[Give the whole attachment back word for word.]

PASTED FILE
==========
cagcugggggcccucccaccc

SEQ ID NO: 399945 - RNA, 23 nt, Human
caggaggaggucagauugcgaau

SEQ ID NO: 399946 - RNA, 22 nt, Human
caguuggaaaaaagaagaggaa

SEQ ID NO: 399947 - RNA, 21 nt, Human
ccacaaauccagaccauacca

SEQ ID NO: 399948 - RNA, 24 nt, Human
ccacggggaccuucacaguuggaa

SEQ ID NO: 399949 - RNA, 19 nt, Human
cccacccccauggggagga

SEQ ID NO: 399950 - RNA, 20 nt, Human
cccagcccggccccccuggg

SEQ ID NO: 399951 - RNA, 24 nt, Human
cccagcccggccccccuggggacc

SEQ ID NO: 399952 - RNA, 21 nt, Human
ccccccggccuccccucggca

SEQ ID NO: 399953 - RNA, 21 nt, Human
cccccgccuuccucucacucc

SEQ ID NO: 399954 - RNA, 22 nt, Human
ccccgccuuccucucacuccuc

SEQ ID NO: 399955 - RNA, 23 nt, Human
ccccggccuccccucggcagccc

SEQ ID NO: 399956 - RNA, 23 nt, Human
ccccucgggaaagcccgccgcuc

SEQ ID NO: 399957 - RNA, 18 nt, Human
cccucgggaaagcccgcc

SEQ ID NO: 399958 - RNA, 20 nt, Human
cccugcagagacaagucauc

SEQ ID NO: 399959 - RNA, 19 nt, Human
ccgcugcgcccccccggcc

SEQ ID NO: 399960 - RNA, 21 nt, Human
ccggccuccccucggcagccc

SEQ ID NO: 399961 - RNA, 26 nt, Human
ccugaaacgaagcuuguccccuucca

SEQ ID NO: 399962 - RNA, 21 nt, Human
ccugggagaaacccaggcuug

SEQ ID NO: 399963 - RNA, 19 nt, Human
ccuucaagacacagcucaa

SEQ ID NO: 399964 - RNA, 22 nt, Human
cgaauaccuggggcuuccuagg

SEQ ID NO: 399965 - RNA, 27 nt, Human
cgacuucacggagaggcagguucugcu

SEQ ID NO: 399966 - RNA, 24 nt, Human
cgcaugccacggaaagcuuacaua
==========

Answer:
cagcugggggcccucccaccc

SEQ ID NO: 399945 - RNA, 23 nt, Human
caggaggaggucagauugcgaau

SEQ ID NO: 399946 - RNA, 22 nt, Human
caguuggaaaaaagaagaggaa

SEQ ID NO: 399947 - RNA, 21 nt, Human
ccacaaauccagaccauacca

SEQ ID NO: 399948 - RNA, 24 nt, Human
ccacggggaccuucacaguuggaa

SEQ ID NO: 399949 - RNA, 19 nt, Human
cccacccccauggggagga

SEQ ID NO: 399950 - RNA, 20 nt, Human
cccagcccggccccccuggg

SEQ ID NO: 399951 - RNA, 24 nt, Human
cccagcccggccccccuggggacc

SEQ ID NO: 399952 - RNA, 21 nt, Human
ccccccggccuccccucggca

SEQ ID NO: 399953 - RNA, 21 nt, Human
cccccgccuuccucucacucc

SEQ ID NO: 399954 - RNA, 22 nt, Human
ccccgccuuccucucacuccuc

SEQ ID NO: 399955 - RNA, 23 nt, Human
ccccggccuccccucggcagccc

SEQ ID NO: 399956 - RNA, 23 nt, Human
ccccucgggaaagcccgccgcuc

SEQ ID NO: 399957 - RNA, 18 nt, Human
cccucgggaaagcccgcc

SEQ ID NO: 399958 - RNA, 20 nt, Human
cccugcagagacaagucauc

SEQ ID NO: 399959 - RNA, 19 nt, Human
ccgcugcgcccccccggcc

SEQ ID NO: 399960 - RNA, 21 nt, Human
ccggccuccccucggcagccc

SEQ ID NO: 399961 - RNA, 26 nt, Human
ccugaaacgaagcuuguccccuucca

SEQ ID NO: 399962 - RNA, 21 nt, Human
ccugggagaaacccaggcuug

SEQ ID NO: 399963 - RNA, 19 nt, Human
ccuucaagacacagcucaa

SEQ ID NO: 399964 - RNA, 22 nt, Human
cgaauaccuggggcuuccuagg

SEQ ID NO: 399965 - RNA, 27 nt, Human
cgacuucacggagaggcagguucugcu

SEQ ID NO: 399966 - RNA, 24 nt, Human
cgcaugccacggaaagcuuacaua